A longer transition period
Cable Europe believes that the transition period should be longer. Indeed the time needed to put this process in place, from an operational and technological perspective, is longer than 6 months. We believe that the transition period should be extended to at least one year.
Enabling cross-border portability
Consumers will expect online content services to be portable once the regulation is adopted. To achieve this, geo-blocking measures will have to be lifted for existing out-of-home services. Such geo-blocking measures are in place notably because of the contractual arrangements the provider of online content services have with right holders. Hence, article 3 (1) is actually about lifting geo-blocking and thus enabling the portability of services. The wording in article 3 (1) and the respective title should be changed accordingly:
“Article 3 – Enable cross-border portability of online content services”
(1) The provider of an online content service and the related holders of copyright shall not prevent a subscriber who is temporarily present in a Member State from accessing and using the online content service.”
(2) Paragraph 1 shall not extend to any quality requirements applicable to the delivery of an online content service (… ).
A sustainable economic approach
Cross-border portability should be economically sustainable for service providers. Technological implementation costs should be recoverable. The possibility should also be left for service providers to set additional charges. This possibility should be provided for in article 3 of the Regulation.
Strictly defined ‘online service providers’
We understand the Commission’s proposal to limit the scope of cross-border portability to online content services which are lawfully provided in the Member State of residence of subscribers. We would clarify recital 13 in order to keep a restrictive approach to ‘online service provider’: “This Regulation should, therefore, apply to online content services that a service provider, after having obtained the relevant rights from right holders in a given territory, provides to its subscribers on the basis of a contract, by any means including streaming, downloading, or any other technique which allows use of that content over the internet”.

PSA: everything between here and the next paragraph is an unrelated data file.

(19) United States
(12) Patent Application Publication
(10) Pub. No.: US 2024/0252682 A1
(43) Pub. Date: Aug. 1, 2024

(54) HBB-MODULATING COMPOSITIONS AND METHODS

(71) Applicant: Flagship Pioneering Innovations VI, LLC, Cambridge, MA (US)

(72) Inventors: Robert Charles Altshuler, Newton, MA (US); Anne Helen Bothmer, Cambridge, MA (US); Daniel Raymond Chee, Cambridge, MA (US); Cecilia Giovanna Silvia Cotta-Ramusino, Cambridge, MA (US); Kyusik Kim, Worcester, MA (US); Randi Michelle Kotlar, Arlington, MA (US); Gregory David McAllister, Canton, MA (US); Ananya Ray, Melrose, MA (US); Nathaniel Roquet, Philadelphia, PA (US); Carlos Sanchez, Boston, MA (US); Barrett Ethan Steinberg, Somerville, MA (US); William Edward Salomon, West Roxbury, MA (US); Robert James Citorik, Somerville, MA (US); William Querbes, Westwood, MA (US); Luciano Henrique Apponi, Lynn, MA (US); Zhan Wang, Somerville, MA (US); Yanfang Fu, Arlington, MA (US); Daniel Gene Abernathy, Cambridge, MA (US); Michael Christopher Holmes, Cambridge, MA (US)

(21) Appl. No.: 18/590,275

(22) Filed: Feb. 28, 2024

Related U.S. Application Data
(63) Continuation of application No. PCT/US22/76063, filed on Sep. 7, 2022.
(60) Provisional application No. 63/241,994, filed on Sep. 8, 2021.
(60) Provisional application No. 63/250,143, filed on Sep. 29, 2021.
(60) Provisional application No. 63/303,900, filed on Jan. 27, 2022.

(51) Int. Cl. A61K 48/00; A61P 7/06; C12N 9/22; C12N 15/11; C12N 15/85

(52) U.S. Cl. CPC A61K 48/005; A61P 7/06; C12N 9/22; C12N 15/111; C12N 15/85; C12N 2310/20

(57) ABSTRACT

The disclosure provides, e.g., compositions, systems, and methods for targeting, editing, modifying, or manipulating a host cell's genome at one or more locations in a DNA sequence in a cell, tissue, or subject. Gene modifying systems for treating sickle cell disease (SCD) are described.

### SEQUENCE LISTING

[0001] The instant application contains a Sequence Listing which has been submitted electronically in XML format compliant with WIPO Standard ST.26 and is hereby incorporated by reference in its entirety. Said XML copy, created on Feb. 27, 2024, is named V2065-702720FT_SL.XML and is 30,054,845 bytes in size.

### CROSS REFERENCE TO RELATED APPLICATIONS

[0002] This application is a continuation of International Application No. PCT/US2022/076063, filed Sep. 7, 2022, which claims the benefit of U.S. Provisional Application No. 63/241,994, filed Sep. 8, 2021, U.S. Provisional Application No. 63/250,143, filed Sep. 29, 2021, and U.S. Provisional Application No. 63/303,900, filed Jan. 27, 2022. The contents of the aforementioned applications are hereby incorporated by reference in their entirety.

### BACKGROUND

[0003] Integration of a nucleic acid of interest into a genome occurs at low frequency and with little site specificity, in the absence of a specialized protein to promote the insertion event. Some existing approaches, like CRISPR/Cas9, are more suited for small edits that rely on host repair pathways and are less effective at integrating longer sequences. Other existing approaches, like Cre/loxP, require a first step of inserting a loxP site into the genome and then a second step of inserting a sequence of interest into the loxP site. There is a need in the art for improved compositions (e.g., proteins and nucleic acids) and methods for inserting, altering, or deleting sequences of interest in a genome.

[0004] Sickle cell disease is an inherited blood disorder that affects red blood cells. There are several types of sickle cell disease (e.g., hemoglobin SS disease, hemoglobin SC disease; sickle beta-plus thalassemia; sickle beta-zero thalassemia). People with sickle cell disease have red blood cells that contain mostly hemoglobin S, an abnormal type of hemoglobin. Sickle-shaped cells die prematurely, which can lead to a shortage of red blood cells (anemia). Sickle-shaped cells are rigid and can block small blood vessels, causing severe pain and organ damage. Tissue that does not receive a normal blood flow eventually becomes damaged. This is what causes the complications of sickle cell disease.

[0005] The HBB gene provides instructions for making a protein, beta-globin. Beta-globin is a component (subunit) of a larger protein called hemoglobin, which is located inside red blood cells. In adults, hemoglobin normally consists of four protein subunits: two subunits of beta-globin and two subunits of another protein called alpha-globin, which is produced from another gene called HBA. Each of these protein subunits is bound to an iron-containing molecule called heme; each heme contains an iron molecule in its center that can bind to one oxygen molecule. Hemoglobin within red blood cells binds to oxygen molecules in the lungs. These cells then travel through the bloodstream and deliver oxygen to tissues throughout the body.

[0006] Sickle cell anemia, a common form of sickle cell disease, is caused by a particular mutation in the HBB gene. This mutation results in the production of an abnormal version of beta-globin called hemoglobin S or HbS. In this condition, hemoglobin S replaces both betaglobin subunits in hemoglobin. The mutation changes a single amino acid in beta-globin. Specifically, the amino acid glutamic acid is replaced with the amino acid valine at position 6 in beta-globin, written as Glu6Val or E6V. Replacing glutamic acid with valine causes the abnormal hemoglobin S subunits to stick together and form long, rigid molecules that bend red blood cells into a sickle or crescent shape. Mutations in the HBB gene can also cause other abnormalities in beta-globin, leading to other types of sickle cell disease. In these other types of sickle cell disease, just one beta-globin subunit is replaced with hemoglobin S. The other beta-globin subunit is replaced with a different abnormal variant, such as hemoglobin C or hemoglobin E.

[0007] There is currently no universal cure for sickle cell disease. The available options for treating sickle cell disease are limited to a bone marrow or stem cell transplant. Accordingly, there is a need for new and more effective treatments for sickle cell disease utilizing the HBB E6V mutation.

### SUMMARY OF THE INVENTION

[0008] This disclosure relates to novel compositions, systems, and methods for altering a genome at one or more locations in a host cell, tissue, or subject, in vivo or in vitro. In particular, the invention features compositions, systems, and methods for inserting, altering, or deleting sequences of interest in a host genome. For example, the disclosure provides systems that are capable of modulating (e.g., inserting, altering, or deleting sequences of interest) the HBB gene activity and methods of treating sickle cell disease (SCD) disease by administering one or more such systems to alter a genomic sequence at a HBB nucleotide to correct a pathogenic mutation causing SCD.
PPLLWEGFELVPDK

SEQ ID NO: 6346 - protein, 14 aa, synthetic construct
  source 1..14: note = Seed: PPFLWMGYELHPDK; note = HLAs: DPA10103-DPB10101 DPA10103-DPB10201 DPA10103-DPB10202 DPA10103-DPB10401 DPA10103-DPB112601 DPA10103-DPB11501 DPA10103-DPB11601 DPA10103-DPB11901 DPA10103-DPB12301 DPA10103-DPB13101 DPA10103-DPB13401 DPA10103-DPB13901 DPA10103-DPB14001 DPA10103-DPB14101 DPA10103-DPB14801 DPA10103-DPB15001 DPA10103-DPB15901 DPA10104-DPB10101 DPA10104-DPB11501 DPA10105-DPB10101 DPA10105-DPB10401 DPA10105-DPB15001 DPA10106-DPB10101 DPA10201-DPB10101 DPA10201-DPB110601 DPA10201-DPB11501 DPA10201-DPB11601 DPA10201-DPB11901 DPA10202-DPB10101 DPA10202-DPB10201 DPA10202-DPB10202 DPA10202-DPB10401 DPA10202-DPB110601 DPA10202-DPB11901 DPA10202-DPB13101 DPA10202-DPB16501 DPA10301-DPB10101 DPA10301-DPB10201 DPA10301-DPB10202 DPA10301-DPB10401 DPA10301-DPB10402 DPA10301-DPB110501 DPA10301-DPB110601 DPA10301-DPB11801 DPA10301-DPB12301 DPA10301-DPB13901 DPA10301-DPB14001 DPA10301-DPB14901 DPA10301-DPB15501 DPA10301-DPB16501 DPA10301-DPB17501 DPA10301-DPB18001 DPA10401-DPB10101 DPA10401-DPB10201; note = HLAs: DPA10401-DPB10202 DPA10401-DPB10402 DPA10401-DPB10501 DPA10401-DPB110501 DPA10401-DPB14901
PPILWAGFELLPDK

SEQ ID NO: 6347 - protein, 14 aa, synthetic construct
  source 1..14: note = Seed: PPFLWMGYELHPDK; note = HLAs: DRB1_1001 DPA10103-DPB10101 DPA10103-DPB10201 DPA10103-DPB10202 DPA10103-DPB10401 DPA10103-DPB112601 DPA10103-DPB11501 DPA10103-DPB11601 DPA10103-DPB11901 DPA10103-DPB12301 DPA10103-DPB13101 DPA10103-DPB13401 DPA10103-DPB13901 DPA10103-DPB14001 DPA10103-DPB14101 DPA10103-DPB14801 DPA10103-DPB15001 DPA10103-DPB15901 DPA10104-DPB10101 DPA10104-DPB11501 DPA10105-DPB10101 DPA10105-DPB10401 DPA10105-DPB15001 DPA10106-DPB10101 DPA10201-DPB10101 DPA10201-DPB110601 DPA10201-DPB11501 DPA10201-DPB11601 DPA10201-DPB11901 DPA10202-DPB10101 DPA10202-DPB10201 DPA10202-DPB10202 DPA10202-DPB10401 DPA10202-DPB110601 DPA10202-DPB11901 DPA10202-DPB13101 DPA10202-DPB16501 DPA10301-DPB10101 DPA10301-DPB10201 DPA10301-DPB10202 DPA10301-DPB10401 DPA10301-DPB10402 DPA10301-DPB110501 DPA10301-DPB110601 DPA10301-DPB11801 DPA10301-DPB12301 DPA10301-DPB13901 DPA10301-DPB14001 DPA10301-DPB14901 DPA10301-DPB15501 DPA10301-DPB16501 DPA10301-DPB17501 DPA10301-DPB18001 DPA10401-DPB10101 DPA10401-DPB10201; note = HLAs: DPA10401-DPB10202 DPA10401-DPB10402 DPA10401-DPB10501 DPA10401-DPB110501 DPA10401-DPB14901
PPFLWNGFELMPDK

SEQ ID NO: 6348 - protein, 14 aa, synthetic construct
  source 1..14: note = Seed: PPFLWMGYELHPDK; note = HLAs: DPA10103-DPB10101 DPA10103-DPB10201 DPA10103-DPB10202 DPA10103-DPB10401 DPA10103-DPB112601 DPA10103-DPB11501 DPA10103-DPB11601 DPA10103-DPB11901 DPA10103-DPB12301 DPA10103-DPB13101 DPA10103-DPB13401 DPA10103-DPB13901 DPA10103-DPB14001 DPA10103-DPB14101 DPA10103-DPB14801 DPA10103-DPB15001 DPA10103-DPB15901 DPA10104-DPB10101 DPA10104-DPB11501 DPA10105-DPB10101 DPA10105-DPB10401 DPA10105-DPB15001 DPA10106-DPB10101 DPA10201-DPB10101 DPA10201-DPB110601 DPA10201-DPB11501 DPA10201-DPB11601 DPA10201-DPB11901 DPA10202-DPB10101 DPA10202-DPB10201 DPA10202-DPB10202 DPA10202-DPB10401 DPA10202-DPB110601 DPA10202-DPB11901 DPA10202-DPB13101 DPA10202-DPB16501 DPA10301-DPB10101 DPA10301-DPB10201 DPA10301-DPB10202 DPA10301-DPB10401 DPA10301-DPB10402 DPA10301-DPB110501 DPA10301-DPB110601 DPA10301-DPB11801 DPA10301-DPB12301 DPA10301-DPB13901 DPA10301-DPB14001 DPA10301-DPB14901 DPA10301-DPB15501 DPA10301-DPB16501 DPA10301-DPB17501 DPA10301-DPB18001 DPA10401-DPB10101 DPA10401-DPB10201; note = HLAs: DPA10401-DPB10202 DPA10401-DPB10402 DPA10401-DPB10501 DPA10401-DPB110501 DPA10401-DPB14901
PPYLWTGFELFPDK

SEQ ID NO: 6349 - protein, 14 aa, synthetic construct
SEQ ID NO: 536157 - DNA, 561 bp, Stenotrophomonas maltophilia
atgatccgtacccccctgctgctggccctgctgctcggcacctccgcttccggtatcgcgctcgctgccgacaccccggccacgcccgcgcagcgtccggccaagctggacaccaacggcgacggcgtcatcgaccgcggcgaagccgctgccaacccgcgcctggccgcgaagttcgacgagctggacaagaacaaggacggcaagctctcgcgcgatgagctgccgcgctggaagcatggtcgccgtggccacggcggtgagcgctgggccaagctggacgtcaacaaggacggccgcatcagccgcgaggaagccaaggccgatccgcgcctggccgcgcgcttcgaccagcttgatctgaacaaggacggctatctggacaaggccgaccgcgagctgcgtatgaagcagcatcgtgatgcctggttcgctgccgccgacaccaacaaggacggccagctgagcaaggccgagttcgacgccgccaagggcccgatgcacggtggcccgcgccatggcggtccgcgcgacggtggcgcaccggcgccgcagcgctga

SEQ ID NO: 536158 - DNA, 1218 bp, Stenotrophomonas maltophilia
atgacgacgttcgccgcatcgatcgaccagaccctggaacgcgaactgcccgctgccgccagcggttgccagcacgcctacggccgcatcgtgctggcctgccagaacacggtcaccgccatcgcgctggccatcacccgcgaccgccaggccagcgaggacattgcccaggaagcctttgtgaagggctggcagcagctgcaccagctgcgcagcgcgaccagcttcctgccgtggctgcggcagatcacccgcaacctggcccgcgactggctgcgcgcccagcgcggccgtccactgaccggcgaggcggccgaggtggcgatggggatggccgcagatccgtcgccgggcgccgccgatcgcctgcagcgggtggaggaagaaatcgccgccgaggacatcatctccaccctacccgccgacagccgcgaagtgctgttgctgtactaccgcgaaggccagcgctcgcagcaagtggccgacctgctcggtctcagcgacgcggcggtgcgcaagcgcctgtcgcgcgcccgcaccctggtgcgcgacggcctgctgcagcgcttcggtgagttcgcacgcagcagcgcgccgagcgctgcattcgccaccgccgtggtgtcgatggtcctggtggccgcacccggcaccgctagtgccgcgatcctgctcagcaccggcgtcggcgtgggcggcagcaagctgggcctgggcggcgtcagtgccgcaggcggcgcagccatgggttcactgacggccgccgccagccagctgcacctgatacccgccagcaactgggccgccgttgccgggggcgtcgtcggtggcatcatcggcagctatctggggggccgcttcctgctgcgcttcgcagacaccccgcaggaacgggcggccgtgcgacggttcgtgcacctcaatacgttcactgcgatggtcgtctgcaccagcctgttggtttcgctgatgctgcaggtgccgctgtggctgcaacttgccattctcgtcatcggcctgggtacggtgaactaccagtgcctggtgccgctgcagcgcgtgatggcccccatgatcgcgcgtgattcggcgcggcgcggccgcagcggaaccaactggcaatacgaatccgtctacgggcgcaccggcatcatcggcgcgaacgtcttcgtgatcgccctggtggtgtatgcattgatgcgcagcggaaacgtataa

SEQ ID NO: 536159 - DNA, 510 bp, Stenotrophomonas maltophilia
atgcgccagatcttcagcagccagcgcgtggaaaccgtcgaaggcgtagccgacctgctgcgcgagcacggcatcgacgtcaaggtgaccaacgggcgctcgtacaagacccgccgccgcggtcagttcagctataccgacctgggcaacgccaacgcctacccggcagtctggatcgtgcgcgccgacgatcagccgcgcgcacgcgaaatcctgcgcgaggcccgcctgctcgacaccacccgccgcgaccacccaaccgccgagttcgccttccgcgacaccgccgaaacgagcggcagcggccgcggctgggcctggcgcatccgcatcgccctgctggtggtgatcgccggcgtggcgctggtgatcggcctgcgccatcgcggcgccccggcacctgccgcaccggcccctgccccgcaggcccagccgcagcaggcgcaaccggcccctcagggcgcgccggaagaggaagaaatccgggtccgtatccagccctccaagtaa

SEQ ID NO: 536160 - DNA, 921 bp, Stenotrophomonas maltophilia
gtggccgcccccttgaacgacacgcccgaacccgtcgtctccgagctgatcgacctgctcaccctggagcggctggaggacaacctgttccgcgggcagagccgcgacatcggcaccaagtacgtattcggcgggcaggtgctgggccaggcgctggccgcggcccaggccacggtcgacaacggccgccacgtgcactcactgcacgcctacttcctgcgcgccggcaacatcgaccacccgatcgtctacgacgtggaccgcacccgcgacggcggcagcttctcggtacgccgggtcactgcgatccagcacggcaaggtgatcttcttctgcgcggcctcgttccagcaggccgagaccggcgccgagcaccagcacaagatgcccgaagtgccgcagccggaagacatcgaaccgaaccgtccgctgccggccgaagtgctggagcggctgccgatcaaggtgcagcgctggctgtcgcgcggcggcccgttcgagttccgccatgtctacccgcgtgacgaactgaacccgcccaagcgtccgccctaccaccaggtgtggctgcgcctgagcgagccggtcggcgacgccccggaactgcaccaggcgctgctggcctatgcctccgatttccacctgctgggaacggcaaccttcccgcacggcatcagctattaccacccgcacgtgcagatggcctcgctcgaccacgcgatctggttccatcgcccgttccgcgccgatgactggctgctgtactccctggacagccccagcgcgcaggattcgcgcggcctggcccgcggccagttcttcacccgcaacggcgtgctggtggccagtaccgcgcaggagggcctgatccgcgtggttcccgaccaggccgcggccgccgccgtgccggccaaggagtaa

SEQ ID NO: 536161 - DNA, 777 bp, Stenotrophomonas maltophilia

Reasonable authentication/verification systems
Rights holders can require service providers to verify the Member State of residence of subscribers to avoid abuses. However, as the Regulation rightly outlines, these means need to be reasonable, not only in terms of the potential impact on service providers, but particularly regarding the privacy of the customers. We observe a lack of awareness in the current public debate about the sensitivity of personal data when combining multiple pieces of information about the customer. Right holders should not have the right to claim re-negotiation of existing contracts under article 5 (2) of the draft-regulation.
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About Cable Europe
Cable Europe is the trade association that connects leading broadband cable TV operators and their national trade associations throughout the European Union. The regulatory and public policy activities of Cable Europe aim to promote and defend the industry’s policies and business interests at European and international level. The European cable industry provides high speed broadband internet, TV services, and telephony into the home of 64.5 million customers the European Union.
This paper represents the views of the full members of Cable Europe, and not necessarily those of our associate members, partners or affiliates.